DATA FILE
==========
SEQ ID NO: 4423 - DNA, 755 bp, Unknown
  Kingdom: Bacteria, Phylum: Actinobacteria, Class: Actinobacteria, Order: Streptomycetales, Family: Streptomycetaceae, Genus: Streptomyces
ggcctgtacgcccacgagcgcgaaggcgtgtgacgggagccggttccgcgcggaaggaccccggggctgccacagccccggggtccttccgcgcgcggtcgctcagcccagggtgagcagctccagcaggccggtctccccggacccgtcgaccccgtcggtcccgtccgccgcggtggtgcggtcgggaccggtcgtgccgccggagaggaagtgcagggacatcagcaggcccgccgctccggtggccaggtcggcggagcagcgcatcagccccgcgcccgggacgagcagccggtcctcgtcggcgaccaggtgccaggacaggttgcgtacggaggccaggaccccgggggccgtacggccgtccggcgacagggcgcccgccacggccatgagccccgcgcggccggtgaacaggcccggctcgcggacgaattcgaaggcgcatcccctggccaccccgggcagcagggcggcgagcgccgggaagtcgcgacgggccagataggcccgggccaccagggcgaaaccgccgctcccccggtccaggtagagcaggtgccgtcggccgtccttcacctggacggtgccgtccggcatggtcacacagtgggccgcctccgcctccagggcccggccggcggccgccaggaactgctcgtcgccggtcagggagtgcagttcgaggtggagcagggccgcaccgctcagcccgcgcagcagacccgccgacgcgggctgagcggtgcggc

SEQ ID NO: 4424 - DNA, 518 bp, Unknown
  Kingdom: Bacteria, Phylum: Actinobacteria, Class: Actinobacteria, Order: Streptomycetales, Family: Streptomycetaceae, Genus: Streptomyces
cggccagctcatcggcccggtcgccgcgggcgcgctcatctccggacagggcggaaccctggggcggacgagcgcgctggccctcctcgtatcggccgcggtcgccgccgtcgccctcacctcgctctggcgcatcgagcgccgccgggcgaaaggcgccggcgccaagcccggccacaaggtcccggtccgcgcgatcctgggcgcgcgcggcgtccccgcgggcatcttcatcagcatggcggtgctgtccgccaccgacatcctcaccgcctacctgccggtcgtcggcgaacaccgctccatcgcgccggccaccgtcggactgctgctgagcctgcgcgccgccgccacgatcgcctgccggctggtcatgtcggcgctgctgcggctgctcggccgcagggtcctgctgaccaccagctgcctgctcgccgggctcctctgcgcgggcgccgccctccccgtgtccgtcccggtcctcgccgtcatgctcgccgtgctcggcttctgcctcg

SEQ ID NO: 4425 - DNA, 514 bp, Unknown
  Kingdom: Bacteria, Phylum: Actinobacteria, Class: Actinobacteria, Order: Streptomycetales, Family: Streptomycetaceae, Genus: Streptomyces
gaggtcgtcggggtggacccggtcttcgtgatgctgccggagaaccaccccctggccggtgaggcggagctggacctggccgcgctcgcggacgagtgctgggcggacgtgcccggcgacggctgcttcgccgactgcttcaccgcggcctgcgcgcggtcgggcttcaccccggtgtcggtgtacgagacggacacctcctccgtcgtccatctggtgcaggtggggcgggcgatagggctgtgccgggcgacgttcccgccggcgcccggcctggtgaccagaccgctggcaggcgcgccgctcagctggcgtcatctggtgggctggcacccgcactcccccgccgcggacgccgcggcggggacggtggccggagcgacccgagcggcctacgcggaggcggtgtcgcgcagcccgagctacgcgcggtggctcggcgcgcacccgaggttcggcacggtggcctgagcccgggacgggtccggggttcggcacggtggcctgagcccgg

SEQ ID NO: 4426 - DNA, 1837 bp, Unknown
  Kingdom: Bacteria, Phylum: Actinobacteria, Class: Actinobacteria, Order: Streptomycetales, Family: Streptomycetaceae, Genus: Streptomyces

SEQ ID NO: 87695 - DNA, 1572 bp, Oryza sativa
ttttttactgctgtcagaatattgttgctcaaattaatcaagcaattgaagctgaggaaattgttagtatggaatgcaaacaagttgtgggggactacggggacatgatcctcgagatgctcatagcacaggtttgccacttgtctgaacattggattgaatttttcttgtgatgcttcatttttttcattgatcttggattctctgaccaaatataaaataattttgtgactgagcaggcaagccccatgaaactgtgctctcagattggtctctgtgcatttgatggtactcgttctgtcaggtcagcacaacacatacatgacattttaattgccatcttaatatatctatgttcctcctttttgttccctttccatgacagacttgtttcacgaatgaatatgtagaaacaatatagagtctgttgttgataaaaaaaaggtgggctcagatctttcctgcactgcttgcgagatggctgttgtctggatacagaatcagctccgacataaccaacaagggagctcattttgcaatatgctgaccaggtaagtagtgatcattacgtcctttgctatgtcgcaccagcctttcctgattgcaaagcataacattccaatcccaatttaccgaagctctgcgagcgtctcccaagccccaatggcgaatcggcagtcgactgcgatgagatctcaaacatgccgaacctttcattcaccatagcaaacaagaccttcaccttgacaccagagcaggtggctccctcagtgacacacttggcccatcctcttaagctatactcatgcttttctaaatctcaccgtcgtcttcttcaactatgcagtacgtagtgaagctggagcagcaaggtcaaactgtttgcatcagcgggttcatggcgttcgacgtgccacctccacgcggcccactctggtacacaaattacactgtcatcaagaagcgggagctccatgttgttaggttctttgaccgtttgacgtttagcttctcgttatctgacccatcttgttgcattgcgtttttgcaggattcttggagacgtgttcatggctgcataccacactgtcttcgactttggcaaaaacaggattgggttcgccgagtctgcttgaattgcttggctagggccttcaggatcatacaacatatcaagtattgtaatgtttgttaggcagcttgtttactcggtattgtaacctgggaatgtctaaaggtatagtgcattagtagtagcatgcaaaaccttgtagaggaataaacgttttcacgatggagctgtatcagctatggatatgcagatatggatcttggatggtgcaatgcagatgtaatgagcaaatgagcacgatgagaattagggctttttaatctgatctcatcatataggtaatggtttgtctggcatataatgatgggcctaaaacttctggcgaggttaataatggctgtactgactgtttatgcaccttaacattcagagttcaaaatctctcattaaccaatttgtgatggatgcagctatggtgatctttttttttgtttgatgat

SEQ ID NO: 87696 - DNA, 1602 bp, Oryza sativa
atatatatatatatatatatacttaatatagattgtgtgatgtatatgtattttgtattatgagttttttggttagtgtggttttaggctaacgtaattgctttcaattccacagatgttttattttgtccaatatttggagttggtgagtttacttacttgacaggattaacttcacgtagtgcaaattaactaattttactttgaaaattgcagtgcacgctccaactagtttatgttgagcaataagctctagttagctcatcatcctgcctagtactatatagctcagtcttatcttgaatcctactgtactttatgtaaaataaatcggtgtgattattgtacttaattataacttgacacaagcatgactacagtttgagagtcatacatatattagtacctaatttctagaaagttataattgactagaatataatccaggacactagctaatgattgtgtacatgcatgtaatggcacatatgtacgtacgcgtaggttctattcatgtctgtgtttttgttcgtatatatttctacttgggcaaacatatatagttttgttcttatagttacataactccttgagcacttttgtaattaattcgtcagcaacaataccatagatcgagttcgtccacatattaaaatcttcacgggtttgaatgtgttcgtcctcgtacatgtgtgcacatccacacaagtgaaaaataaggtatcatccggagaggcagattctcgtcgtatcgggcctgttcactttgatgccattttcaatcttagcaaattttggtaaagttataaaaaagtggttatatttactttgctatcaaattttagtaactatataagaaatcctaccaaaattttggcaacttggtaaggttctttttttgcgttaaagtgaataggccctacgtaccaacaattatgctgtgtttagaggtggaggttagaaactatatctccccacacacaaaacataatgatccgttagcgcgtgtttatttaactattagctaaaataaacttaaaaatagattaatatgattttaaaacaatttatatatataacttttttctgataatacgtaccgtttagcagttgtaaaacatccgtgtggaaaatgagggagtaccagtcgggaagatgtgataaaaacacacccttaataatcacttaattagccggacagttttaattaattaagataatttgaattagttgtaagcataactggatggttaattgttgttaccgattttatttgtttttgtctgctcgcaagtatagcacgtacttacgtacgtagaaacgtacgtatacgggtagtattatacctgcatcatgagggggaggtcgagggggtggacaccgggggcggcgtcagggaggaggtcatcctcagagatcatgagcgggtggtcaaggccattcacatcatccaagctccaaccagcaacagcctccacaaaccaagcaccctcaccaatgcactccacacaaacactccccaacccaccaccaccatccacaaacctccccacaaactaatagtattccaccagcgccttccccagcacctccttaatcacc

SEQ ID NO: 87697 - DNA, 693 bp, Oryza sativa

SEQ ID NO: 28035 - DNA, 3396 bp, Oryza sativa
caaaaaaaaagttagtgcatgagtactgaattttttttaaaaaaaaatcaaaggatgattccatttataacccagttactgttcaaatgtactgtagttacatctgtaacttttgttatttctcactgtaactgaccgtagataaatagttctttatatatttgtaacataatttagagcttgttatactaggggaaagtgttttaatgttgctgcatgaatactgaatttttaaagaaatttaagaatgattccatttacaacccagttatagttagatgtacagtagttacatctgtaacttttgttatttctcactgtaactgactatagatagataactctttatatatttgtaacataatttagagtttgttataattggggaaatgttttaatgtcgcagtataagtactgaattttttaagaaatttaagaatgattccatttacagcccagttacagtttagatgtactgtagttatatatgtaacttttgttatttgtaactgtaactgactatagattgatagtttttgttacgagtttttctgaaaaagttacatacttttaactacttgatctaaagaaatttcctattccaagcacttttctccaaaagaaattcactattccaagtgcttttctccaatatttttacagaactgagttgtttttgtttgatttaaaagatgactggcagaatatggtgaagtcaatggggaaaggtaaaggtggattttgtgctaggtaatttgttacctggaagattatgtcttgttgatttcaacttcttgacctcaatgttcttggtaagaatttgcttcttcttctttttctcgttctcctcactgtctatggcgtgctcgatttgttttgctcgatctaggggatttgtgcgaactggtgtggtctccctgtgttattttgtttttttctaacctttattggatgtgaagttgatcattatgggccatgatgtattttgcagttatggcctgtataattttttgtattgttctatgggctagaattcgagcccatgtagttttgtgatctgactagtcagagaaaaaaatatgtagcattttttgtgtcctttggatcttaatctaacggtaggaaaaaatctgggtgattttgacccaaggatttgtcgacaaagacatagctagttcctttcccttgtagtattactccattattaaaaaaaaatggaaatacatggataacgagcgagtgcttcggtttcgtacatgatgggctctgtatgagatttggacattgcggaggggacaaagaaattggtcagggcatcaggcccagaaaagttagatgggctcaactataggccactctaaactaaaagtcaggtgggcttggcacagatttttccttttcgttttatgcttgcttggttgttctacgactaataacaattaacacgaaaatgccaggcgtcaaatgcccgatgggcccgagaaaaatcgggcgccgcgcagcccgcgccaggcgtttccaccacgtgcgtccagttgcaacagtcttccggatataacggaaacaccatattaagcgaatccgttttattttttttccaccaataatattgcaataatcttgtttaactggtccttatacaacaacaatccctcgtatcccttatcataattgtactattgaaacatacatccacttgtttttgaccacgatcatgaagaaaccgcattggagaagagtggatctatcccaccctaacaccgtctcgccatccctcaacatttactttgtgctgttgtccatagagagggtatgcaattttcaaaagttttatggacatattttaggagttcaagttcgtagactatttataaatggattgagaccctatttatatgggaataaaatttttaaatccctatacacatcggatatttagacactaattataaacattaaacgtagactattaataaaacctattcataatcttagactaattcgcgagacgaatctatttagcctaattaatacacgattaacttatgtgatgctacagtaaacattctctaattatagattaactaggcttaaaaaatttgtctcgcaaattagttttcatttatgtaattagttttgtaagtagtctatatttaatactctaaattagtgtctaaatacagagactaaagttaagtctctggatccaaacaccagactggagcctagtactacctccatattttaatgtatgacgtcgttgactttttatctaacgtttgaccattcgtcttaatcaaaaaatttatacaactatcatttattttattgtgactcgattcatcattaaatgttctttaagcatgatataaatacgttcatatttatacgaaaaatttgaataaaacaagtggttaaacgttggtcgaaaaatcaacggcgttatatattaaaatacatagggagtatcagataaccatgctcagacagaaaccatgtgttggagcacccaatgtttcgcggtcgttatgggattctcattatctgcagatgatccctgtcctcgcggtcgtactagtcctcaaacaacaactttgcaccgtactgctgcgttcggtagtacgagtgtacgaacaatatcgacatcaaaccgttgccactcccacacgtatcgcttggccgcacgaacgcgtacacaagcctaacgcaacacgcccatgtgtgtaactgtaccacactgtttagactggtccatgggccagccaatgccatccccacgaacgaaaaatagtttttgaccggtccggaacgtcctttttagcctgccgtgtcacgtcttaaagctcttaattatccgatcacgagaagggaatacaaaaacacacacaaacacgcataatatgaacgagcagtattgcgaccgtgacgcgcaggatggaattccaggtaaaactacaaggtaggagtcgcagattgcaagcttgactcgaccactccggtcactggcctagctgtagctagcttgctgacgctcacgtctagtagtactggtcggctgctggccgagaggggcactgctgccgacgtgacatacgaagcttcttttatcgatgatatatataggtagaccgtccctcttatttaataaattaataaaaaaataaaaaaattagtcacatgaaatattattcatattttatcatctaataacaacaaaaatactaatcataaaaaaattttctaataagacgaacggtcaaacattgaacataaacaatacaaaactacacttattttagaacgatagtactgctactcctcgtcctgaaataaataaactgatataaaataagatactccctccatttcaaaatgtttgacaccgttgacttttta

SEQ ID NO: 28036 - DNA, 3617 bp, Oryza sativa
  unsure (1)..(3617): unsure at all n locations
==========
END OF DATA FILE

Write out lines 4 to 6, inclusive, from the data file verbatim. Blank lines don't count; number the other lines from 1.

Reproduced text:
SEQ ID NO: 4424 - DNA, 518 bp, Unknown
  Kingdom: Bacteria, Phylum: Actinobacteria, Class: Actinobacteria, Order: Streptomycetales, Family: Streptomycetaceae, Genus: Streptomyces
cggccagctcatcggcccggtcgccgcgggcgcgctcatctccggacagggcggaaccctggggcggacgagcgcgctggccctcctcgtatcggccgcggtcgccgccgtcgccctcacctcgctctggcgcatcgagcgccgccgggcgaaaggcgccggcgccaagcccggccacaaggtcccggtccgcgcgatcctgggcgcgcgcggcgtccccgcgggcatcttcatcagcatggcggtgctgtccgccaccgacatcctcaccgcctacctgccggtcgtcggcgaacaccgctccatcgcgccggccaccgtcggactgctgctgagcctgcgcgccgccgccacgatcgcctgccggctggtcatgtcggcgctgctgcggctgctcggccgcagggtcctgctgaccaccagctgcctgctcgccgggctcctctgcgcgggcgccgccctccccgtgtccgtcccggtcctcgccgtcatgctcgccgtgctcggcttctgcctcg